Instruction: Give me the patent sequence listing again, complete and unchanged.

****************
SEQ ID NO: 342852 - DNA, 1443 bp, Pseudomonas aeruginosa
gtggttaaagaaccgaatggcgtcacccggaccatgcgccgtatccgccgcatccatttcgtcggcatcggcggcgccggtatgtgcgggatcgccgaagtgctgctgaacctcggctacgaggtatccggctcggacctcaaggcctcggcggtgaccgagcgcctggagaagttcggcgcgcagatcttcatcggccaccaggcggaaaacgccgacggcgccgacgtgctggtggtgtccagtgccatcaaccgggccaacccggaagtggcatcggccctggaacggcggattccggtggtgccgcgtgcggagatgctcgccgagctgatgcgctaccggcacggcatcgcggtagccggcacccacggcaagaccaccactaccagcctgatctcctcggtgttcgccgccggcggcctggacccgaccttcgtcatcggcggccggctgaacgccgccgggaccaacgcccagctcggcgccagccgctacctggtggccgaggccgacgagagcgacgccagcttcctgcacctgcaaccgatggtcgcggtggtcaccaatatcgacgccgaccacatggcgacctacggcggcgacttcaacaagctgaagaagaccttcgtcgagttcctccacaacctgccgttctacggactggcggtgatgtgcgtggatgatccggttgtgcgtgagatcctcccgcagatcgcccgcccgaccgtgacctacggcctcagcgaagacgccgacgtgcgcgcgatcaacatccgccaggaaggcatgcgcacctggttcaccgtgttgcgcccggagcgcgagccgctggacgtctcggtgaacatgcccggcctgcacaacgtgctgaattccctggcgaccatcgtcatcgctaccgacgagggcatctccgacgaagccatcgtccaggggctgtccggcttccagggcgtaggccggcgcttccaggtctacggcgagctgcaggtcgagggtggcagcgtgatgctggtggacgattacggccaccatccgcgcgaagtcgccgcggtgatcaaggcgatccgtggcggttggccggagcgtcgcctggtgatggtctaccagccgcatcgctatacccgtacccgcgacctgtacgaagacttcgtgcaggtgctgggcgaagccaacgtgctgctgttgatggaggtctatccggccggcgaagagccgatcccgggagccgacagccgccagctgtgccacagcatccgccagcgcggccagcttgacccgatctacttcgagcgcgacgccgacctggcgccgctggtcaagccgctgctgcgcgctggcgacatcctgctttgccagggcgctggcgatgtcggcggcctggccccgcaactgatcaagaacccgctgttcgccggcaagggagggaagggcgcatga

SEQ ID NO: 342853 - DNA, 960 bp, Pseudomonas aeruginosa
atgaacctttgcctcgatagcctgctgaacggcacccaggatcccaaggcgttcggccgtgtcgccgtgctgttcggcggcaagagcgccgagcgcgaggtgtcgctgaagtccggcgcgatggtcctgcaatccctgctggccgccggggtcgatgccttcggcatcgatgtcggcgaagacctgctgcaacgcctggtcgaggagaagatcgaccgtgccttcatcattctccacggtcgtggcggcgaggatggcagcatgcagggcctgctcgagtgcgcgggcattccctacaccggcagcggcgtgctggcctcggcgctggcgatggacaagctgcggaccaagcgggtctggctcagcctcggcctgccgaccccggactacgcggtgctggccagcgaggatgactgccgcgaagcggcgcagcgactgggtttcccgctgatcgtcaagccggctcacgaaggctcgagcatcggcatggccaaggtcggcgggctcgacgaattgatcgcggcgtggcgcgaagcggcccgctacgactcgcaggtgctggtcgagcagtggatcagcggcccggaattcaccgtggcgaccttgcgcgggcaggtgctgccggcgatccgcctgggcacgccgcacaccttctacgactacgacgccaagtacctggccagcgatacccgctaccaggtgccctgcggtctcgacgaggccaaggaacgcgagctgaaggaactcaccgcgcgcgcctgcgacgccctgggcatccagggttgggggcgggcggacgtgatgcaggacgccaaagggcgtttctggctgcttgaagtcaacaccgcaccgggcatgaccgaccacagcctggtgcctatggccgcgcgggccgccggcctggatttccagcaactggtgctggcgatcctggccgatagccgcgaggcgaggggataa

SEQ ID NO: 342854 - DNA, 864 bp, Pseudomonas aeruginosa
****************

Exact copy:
SEQ ID NO: 342852 - DNA, 1443 bp, Pseudomonas aeruginosa
gtggttaaagaaccgaatggcgtcacccggaccatgcgccgtatccgccgcatccatttcgtcggcatcggcggcgccggtatgtgcgggatcgccgaagtgctgctgaacctcggctacgaggtatccggctcggacctcaaggcctcggcggtgaccgagcgcctggagaagttcggcgcgcagatcttcatcggccaccaggcggaaaacgccgacggcgccgacgtgctggtggtgtccagtgccatcaaccgggccaacccggaagtggcatcggccctggaacggcggattccggtggtgccgcgtgcggagatgctcgccgagctgatgcgctaccggcacggcatcgcggtagccggcacccacggcaagaccaccactaccagcctgatctcctcggtgttcgccgccggcggcctggacccgaccttcgtcatcggcggccggctgaacgccgccgggaccaacgcccagctcggcgccagccgctacctggtggccgaggccgacgagagcgacgccagcttcctgcacctgcaaccgatggtcgcggtggtcaccaatatcgacgccgaccacatggcgacctacggcggcgacttcaacaagctgaagaagaccttcgtcgagttcctccacaacctgccgttctacggactggcggtgatgtgcgtggatgatccggttgtgcgtgagatcctcccgcagatcgcccgcccgaccgtgacctacggcctcagcgaagacgccgacgtgcgcgcgatcaacatccgccaggaaggcatgcgcacctggttcaccgtgttgcgcccggagcgcgagccgctggacgtctcggtgaacatgcccggcctgcacaacgtgctgaattccctggcgaccatcgtcatcgctaccgacgagggcatctccgacgaagccatcgtccaggggctgtccggcttccagggcgtaggccggcgcttccaggtctacggcgagctgcaggtcgagggtggcagcgtgatgctggtggacgattacggccaccatccgcgcgaagtcgccgcggtgatcaaggcgatccgtggcggttggccggagcgtcgcctggtgatggtctaccagccgcatcgctatacccgtacccgcgacctgtacgaagacttcgtgcaggtgctgggcgaagccaacgtgctgctgttgatggaggtctatccggccggcgaagagccgatcccgggagccgacagccgccagctgtgccacagcatccgccagcgcggccagcttgacccgatctacttcgagcgcgacgccgacctggcgccgctggtcaagccgctgctgcgcgctggcgacatcctgctttgccagggcgctggcgatgtcggcggcctggccccgcaactgatcaagaacccgctgttcgccggcaagggagggaagggcgcatga

SEQ ID NO: 342853 - DNA, 960 bp, Pseudomonas aeruginosa
atgaacctttgcctcgatagcctgctgaacggcacccaggatcccaaggcgttcggccgtgtcgccgtgctgttcggcggcaagagcgccgagcgcgaggtgtcgctgaagtccggcgcgatggtcctgcaatccctgctggccgccggggtcgatgccttcggcatcgatgtcggcgaagacctgctgcaacgcctggtcgaggagaagatcgaccgtgccttcatcattctccacggtcgtggcggcgaggatggcagcatgcagggcctgctcgagtgcgcgggcattccctacaccggcagcggcgtgctggcctcggcgctggcgatggacaagctgcggaccaagcgggtctggctcagcctcggcctgccgaccccggactacgcggtgctggccagcgaggatgactgccgcgaagcggcgcagcgactgggtttcccgctgatcgtcaagccggctcacgaaggctcgagcatcggcatggccaaggtcggcgggctcgacgaattgatcgcggcgtggcgcgaagcggcccgctacgactcgcaggtgctggtcgagcagtggatcagcggcccggaattcaccgtggcgaccttgcgcgggcaggtgctgccggcgatccgcctgggcacgccgcacaccttctacgactacgacgccaagtacctggccagcgatacccgctaccaggtgccctgcggtctcgacgaggccaaggaacgcgagctgaaggaactcaccgcgcgcgcctgcgacgccctgggcatccagggttgggggcgggcggacgtgatgcaggacgccaaagggcgtttctggctgcttgaagtcaacaccgcaccgggcatgaccgaccacagcctggtgcctatggccgcgcgggccgccggcctggatttccagcaactggtgctggcgatcctggccgatagccgcgaggcgaggggataa

SEQ ID NO: 342854 - DNA, 864 bp, Pseudomonas aeruginosa